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Hi Simon,

On 17/01/2022 18:15, Simon Phipps wrote:
I suggest being very cautious with making "strong rules" in a volunteer community. While superficially they seem good at the time, our experience at TDF has been that strong rules made under challenging condition turn out to be problematic when conditions have changed, and can then be used disruptively. The more rules there are, the more games can be played with them.

I believe Marco supported my proposal because he read my various emails where I was clarifying that the rules weren't at all directed at the volunteer community in general.


We surely don't want to make life difficult to individual volunteers contributing to LibreOffice and related projects.

For corporate contributors, shouldn't be a big issue as they already need to go through internal reviews to see what they can contribute and how so may as well make things clear for all and protect not only our community but also the corporate contributors that may inadvertently lead the community to believe that the whole project will be available for free and for all to use while they may have also other plans for portions of it.

Then surely once some rules are in place there will always be someone in bad faith that tries to circumvent them if at the time seems more convenient for them but at least we'll have to deal with a case where we know what the community was supposed to get out of it instead of wasting months in fruitless negotiations.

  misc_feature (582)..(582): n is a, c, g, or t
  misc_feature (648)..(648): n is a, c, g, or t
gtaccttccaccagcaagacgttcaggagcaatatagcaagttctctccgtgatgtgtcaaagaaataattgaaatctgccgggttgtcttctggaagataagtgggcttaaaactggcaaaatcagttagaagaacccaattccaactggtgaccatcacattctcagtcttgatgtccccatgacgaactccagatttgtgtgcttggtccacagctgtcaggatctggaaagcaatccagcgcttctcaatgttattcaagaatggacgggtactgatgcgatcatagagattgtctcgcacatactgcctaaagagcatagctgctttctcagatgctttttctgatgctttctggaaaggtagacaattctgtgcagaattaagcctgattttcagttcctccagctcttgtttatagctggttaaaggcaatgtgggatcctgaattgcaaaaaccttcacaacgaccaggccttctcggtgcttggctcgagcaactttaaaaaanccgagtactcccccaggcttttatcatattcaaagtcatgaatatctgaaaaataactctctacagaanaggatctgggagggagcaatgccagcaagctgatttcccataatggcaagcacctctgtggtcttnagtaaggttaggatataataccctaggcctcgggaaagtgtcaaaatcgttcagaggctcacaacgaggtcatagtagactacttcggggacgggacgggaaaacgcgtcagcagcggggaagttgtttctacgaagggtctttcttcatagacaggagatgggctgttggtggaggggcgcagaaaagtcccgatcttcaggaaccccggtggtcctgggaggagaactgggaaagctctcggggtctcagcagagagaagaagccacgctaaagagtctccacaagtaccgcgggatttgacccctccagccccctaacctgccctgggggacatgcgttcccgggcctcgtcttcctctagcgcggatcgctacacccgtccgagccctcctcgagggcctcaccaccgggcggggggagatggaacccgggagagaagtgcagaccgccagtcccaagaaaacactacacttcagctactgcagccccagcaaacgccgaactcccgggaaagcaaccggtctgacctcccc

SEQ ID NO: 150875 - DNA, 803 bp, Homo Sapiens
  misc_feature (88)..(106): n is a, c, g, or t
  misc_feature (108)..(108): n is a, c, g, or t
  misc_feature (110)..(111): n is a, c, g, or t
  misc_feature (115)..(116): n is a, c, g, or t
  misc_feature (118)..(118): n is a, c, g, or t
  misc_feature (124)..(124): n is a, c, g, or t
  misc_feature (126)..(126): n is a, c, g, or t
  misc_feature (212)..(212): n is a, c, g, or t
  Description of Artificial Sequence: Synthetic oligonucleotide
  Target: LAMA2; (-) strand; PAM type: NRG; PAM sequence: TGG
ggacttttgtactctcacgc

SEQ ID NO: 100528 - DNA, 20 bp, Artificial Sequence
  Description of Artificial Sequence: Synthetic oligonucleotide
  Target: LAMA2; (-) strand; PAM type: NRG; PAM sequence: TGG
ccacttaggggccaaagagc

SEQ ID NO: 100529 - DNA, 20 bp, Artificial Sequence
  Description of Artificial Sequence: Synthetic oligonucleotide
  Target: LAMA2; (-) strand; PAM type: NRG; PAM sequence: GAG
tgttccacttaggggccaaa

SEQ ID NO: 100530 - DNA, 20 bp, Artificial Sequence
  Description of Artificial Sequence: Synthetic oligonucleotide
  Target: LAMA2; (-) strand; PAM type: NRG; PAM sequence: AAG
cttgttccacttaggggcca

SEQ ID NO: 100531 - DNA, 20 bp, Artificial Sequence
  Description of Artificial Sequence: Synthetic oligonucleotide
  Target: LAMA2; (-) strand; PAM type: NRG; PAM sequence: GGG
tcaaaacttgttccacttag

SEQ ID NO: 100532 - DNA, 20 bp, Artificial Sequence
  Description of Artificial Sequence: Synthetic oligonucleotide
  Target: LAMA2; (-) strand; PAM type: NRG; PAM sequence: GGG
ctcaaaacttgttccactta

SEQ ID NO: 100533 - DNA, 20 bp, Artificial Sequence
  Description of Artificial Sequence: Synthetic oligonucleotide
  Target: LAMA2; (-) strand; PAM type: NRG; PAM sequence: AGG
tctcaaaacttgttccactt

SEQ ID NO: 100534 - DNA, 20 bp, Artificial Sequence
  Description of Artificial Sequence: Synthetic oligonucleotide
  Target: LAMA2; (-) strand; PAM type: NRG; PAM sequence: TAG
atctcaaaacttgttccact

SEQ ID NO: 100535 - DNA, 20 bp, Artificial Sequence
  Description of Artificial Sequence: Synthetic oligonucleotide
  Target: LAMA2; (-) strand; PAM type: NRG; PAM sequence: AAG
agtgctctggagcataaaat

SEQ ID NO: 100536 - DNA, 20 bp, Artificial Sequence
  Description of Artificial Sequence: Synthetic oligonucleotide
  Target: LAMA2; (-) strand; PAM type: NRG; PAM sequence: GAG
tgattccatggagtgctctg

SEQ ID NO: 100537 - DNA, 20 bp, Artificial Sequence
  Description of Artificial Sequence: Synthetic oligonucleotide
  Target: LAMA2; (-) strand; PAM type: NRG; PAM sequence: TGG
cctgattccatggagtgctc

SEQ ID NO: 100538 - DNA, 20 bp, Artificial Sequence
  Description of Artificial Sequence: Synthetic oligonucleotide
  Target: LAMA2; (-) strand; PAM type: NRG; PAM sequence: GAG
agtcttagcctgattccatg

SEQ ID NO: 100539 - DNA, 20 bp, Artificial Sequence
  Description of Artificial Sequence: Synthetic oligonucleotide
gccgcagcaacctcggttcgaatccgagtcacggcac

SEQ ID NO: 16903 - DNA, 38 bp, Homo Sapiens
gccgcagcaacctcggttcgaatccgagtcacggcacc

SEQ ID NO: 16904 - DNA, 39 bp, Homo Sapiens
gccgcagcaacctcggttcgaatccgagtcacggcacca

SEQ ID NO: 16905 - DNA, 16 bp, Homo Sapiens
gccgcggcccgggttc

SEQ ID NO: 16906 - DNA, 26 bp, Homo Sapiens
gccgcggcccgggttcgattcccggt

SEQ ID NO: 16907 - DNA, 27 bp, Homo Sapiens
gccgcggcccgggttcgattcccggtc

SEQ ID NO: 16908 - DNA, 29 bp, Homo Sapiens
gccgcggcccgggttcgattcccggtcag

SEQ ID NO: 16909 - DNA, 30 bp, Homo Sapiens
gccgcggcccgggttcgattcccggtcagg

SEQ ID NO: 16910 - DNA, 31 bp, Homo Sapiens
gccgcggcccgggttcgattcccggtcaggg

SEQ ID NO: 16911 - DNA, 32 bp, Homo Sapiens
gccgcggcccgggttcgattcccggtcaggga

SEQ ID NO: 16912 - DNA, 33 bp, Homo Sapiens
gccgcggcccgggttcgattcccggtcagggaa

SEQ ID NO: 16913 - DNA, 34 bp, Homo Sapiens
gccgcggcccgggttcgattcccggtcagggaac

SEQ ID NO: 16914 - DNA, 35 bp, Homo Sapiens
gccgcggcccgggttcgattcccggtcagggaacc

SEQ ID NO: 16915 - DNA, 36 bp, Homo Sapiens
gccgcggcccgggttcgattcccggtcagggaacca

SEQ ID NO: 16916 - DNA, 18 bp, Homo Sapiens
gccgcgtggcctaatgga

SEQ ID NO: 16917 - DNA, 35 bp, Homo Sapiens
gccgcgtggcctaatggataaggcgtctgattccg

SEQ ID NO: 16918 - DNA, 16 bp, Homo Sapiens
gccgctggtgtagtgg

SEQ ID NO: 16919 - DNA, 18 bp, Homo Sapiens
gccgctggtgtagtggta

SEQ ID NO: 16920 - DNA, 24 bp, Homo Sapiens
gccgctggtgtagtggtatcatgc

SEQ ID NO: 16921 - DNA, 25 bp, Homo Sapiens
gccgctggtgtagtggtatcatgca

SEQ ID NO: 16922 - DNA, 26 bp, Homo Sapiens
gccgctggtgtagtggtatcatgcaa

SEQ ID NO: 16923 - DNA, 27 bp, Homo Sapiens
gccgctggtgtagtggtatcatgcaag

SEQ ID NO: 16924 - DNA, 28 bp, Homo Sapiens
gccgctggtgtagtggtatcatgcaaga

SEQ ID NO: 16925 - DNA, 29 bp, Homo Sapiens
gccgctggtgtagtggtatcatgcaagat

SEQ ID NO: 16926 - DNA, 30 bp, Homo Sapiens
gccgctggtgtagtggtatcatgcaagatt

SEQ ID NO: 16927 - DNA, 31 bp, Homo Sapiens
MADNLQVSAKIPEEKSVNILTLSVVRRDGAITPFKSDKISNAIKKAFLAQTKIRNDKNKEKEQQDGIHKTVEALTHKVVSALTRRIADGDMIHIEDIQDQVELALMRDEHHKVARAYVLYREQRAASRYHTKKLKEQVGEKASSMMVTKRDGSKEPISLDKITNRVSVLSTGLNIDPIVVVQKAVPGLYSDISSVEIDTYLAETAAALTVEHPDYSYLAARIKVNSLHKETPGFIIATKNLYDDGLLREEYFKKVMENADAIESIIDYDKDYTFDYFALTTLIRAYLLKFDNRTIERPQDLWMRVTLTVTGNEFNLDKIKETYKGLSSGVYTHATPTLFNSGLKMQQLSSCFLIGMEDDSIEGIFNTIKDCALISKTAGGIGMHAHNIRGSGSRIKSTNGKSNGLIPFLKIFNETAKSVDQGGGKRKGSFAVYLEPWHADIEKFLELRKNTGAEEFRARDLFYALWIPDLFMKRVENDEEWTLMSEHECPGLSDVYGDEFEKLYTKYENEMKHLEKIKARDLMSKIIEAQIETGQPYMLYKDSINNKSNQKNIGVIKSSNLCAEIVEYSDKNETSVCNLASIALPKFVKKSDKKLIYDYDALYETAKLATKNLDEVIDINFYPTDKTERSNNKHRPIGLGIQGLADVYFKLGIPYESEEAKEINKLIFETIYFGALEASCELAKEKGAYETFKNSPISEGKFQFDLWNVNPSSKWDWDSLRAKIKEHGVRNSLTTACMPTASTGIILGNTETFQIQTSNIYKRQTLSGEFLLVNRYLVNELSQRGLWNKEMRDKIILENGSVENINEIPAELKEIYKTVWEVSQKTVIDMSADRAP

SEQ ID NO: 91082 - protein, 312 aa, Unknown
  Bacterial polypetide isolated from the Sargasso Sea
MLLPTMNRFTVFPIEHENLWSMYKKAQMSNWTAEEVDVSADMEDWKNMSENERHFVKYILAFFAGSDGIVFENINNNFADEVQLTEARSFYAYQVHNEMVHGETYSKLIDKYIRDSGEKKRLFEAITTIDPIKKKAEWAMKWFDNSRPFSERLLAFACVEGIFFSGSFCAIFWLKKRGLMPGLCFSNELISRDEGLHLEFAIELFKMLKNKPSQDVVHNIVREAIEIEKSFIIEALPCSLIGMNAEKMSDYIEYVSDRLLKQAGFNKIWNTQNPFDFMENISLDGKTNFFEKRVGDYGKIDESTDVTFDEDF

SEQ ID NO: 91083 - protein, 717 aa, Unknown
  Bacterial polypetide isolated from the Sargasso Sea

At present I don't have development plans for a new commercial project based on LibreOffice but if I had one I would ask TDF to work together to shape an agreement where I state the objective of the project, my plans to make it commercially sustainable (if that is an end goal as it may not be necessary the case/needed) and what the community could expect out of it under the TDF umbrella. Then it's up to the board and the community to decide if we should invest in the project.

(The above specific example would lead to a special situation as, being a member of TDF's board of directors, it would be even more important for me to present a clear project and let the rest of the board decide about it, without me or my business partners ever intervening, to avoid being perceived as more equal than others)

Wouldn't any company find it not just natural but essential to do that to protect their long term investments and show that it can be trusted by the community?



Paolo Vecchi - Deputy Member of the Board of Directors
The Document Foundation, Kurfürstendamm 188, 10707 Berlin, DE
Gemeinnützige rechtsfähige Stiftung des bürgerlichen Rechts
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